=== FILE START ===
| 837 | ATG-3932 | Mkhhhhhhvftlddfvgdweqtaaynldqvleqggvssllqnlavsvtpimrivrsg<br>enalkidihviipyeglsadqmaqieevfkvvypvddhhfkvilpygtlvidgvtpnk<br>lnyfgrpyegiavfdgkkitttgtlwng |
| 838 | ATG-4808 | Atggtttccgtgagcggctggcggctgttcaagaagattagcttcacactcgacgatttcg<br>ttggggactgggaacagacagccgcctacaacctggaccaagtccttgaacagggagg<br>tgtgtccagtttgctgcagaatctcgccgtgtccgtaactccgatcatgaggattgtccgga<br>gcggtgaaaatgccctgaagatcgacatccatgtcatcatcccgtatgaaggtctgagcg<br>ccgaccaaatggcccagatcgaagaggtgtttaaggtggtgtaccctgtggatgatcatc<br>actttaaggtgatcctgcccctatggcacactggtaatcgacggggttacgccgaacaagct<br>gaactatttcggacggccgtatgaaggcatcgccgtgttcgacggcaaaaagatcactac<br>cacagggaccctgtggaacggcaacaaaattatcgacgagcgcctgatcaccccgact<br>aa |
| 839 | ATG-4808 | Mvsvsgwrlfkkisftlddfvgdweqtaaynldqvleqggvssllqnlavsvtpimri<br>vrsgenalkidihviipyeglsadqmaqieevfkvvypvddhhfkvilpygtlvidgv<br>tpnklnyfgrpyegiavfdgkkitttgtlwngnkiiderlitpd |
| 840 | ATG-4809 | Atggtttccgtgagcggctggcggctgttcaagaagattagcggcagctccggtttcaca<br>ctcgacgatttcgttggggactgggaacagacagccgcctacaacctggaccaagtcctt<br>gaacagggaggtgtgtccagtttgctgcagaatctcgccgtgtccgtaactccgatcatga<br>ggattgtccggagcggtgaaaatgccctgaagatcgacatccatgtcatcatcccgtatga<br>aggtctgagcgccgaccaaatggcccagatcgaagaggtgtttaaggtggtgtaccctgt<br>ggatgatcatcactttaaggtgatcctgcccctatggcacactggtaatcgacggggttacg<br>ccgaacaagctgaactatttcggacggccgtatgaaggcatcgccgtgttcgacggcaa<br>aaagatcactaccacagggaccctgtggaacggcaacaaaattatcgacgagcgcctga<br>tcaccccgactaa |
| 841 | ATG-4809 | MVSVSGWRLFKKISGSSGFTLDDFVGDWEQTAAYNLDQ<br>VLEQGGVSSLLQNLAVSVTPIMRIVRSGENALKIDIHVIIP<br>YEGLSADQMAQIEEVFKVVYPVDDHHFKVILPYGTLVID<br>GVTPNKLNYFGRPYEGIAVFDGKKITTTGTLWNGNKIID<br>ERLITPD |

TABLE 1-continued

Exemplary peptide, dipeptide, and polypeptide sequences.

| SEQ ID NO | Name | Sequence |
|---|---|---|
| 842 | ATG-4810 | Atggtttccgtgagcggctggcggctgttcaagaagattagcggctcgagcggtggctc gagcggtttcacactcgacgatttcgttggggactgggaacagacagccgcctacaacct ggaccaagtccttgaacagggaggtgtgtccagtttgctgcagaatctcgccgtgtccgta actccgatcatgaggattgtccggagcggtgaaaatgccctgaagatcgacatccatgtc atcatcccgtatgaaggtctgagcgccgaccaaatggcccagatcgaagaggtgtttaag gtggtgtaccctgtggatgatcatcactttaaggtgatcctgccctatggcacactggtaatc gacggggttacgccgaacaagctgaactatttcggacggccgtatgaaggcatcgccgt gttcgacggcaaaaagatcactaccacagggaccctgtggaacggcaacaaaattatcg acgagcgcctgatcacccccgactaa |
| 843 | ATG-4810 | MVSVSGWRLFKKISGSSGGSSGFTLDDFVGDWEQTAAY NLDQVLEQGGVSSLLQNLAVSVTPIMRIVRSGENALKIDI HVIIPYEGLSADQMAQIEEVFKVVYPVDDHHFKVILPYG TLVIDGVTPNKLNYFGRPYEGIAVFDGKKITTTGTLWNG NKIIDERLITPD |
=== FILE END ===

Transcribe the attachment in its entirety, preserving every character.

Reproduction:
| 837 | ATG-3932 | Mkhhhhhhvftlddfvgdweqtaaynldqvleqggvssllqnlavsvtpimrivrsg<br>enalkidihviipyeglsadqmaqieevfkvvypvddhhfkvilpygtlvidgvtpnk<br>lnyfgrpyegiavfdgkkitttgtlwng |
| 838 | ATG-4808 | Atggtttccgtgagcggctggcggctgttcaagaagattagcttcacactcgacgatttcg<br>ttggggactgggaacagacagccgcctacaacctggaccaagtccttgaacagggagg<br>tgtgtccagtttgctgcagaatctcgccgtgtccgtaactccgatcatgaggattgtccgga<br>gcggtgaaaatgccctgaagatcgacatccatgtcatcatcccgtatgaaggtctgagcg<br>ccgaccaaatggcccagatcgaagaggtgtttaaggtggtgtaccctgtggatgatcatc<br>actttaaggtgatcctgcccctatggcacactggtaatcgacggggttacgccgaacaagct<br>gaactatttcggacggccgtatgaaggcatcgccgtgttcgacggcaaaaagatcactac<br>cacagggaccctgtggaacggcaacaaaattatcgacgagcgcctgatcaccccgact<br>aa |
| 839 | ATG-4808 | Mvsvsgwrlfkkisftlddfvgdweqtaaynldqvleqggvssllqnlavsvtpimri<br>vrsgenalkidihviipyeglsadqmaqieevfkvvypvddhhfkvilpygtlvidgv<br>tpnklnyfgrpyegiavfdgkkitttgtlwngnkiiderlitpd |
| 840 | ATG-4809 | Atggtttccgtgagcggctggcggctgttcaagaagattagcggcagctccggtttcaca<br>ctcgacgatttcgttggggactgggaacagacagccgcctacaacctggaccaagtcctt<br>gaacagggaggtgtgtccagtttgctgcagaatctcgccgtgtccgtaactccgatcatga<br>ggattgtccggagcggtgaaaatgccctgaagatcgacatccatgtcatcatcccgtatga<br>aggtctgagcgccgaccaaatggcccagatcgaagaggtgtttaaggtggtgtaccctgt<br>ggatgatcatcactttaaggtgatcctgcccctatggcacactggtaatcgacggggttacg<br>ccgaacaagctgaactatttcggacggccgtatgaaggcatcgccgtgttcgacggcaa<br>aaagatcactaccacagggaccctgtggaacggcaacaaaattatcgacgagcgcctga<br>tcaccccgactaa |
| 841 | ATG-4809 | MVSVSGWRLFKKISGSSGFTLDDFVGDWEQTAAYNLDQ<br>VLEQGGVSSLLQNLAVSVTPIMRIVRSGENALKIDIHVIIP<br>YEGLSADQMAQIEEVFKVVYPVDDHHFKVILPYGTLVID<br>GVTPNKLNYFGRPYEGIAVFDGKKITTTGTLWNGNKIID<br>ERLITPD |

TABLE 1-continued

Exemplary peptide, dipeptide, and polypeptide sequences.

| SEQ ID NO | Name | Sequence |
|---|---|---|
| 842 | ATG-4810 | Atggtttccgtgagcggctggcggctgttcaagaagattagcggctcgagcggtggctc gagcggtttcacactcgacgatttcgttggggactgggaacagacagccgcctacaacct ggaccaagtccttgaacagggaggtgtgtccagtttgctgcagaatctcgccgtgtccgta actccgatcatgaggattgtccggagcggtgaaaatgccctgaagatcgacatccatgtc atcatcccgtatgaaggtctgagcgccgaccaaatggcccagatcgaagaggtgtttaag gtggtgtaccctgtggatgatcatcactttaaggtgatcctgccctatggcacactggtaatc gacggggttacgccgaacaagctgaactatttcggacggccgtatgaaggcatcgccgt gttcgacggcaaaaagatcactaccacagggaccctgtggaacggcaacaaaattatcg acgagcgcctgatcacccccgactaa |
| 843 | ATG-4810 | MVSVSGWRLFKKISGSSGGSSGFTLDDFVGDWEQTAAY NLDQVLEQGGVSSLLQNLAVSVTPIMRIVRSGENALKIDI HVIIPYEGLSADQMAQIEEVFKVVYPVDDHHFKVILPYG TLVIDGVTPNKLNYFGRPYEGIAVFDGKKITTTGTLWNG NKIIDERLITPD |